The deployment of the 24,000 chips should be completed by February 2024.
Voltage Park, a nonprofit organization founded by billionaire Jed McCaleb, has acquired approximately 24,000 Nvidia H100 chips for approximately $500 million. According to The Business Time, the organization plans to lease AI computing power at a low cost to address the shortage of these chips.
Eric Park, CEO of Voltage, stated:
“The current ecosystem for machine learning is fundamentally flawed.”
Therefore, the organization aims to install the new chips in its facilities in Texas, Virginia, and Washington. The deployment of the 24,000 chips should be completed by February 2024 to meet the growing demand for AI chips following the successful launch of OpenAI’s ChatGPT, which has revolutionized the field of AI.
NVIDIA’s Shares Surge Over 200% amid AI Boom
Nvidia Corporation (NASDAQ: NVDA) is a company dedicated to designing and manufacturing graphics processors (GPUs) for computers, chipsets, and software aimed at specialized markets such as gaming and artificial intelligence.
In 2023, Nvidia has been one of the top-performing companies of the year, thanks to its substantial investment in AI-focused chip development. This has propelled it to become one of the leading companies in the AI market.
Over the past year, NVIDIA (NVDA) shares have surged by an impressive 212%, climbing from $135 to the current price of $406.31. This surge followed its peak on August 30th, when it reached a high of $493.55, driven by the increasing demand for its AI chips, thanks to the popularity of AI models like ChatGPT and Claude.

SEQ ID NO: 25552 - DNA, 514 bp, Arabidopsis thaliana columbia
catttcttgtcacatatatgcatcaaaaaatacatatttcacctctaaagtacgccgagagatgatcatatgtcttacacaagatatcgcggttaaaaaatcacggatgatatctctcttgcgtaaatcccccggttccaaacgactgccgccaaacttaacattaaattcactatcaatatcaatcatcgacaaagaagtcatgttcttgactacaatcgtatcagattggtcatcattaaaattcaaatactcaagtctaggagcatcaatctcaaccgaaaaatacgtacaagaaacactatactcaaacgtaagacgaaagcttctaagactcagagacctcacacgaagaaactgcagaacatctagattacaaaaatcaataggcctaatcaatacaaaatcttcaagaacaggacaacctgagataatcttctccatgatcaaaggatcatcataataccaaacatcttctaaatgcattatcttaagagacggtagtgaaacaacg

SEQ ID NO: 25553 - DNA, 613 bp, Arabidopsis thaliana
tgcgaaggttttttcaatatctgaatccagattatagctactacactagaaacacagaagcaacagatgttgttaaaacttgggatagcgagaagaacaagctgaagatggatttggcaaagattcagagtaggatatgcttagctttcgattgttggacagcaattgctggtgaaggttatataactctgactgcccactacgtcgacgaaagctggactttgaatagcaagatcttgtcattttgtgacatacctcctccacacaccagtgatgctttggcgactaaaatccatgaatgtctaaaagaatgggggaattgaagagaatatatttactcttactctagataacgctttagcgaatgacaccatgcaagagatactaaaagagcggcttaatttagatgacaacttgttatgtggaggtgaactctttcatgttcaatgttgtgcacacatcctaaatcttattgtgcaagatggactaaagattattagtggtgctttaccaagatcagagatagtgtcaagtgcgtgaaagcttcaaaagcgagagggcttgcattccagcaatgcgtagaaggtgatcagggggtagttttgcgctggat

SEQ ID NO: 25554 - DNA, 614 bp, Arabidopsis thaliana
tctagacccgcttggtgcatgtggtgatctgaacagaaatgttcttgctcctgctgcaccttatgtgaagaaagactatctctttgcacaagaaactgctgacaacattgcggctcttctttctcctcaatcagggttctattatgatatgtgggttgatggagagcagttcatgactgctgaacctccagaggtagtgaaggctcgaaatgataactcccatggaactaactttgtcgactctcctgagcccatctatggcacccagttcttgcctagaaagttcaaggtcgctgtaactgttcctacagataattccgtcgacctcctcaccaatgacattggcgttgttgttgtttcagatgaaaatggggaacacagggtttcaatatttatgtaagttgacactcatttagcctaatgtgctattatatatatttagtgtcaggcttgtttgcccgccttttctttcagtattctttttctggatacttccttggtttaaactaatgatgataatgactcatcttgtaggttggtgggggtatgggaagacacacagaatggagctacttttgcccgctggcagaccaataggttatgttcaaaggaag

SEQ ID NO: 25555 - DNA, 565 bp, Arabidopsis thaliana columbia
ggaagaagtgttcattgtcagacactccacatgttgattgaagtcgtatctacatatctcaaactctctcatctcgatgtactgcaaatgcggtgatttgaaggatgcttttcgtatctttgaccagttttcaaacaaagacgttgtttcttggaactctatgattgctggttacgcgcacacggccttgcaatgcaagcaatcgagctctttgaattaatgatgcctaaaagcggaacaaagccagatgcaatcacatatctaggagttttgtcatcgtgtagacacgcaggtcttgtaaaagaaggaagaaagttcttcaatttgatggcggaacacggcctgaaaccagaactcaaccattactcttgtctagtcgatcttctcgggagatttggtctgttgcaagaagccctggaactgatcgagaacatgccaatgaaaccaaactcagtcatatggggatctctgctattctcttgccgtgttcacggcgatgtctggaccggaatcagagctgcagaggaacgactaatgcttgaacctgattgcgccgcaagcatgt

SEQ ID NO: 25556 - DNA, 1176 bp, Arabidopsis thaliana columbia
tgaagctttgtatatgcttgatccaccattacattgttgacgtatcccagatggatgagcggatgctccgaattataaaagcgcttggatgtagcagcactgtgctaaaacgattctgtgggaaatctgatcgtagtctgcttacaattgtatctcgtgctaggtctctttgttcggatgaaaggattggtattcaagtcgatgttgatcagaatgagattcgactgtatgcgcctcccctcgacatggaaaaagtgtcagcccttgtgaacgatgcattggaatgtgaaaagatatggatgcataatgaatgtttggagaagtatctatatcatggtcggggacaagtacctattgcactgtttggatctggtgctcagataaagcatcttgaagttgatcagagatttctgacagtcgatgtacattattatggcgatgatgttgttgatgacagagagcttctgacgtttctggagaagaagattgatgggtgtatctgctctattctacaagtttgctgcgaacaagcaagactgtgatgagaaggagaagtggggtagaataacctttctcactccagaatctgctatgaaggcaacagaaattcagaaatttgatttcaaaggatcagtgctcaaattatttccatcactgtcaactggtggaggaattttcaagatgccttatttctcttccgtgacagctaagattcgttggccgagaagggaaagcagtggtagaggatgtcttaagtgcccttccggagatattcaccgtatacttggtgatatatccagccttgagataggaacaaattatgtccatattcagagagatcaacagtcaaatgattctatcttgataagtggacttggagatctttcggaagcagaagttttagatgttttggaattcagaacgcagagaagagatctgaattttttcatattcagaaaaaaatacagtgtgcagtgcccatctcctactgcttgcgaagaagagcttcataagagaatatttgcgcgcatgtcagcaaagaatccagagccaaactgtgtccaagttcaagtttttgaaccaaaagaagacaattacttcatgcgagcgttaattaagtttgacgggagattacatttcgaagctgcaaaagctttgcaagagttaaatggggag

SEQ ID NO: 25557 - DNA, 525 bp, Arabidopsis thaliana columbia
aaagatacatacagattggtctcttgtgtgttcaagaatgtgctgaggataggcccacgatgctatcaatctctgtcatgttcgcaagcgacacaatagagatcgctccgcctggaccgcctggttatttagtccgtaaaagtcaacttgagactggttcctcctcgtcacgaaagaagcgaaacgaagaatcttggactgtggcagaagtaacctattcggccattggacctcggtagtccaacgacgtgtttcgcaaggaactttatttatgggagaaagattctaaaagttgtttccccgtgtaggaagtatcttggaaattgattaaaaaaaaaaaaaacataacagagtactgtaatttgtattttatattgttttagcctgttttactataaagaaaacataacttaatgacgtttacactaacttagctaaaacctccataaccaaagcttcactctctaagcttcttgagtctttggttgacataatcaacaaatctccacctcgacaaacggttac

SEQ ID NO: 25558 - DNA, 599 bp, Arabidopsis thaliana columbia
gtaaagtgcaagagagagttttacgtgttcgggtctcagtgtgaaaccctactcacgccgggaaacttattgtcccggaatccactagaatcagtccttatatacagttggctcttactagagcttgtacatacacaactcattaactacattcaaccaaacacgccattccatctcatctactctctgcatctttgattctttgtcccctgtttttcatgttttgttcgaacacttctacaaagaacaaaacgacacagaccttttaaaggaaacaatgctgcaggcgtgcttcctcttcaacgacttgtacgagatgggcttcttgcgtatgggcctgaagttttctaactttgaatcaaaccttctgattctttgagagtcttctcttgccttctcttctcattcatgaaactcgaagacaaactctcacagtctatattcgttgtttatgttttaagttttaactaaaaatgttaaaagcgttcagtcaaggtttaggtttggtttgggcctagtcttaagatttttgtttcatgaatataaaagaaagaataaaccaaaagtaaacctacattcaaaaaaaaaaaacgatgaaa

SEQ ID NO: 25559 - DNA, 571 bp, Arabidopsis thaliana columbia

According to Business Insider, sources close to Nvidia have reported that the company expects to triple its production of H100 chips by 2024, manufacturing between 1.5 to 2 million units compared to the 500,000 produced in 2023.
Tech Giants Betting Big on the AI Race
Microsoft, Amazon, and Google are among the tech giants making massive investments in AI development. On October 24th, Microsoft Corp (NASDAQ: MSFT) announced a $5 billion Australian dollar (3.2 billion US dollar) investment to strengthen the artificial intelligence sector in Australia. Previously, Google had announced a $1 billion investment in partnership with the Australian government.
These investments come in a context where the regulatory landscape for AI, similar to that of cryptocurrencies in the United States, is generating uncertainty among investors. Some experts suggest that unclear or overly strict rules in the US are driving AI developers to seek opportunities in more technologically and regulatory-friendly countries.
Likewise, Amazon, the retail giant, recently introduced a new generative AI feature called “Explore with Alexa”, designed to provide “reliable” and personalized answers to children’s questions, increasing confidence among adults in the face of AI risks.
Although AI is in its infancy, its associated risks have ignited numerous discussions concerning user safety and privacy. Nevertheless, as this narrative unfolds, it’s highly probable that we’ll witness tech giants channel their fervor – and considerable financial resources – to satisfy the hunger for this groundbreaking technology.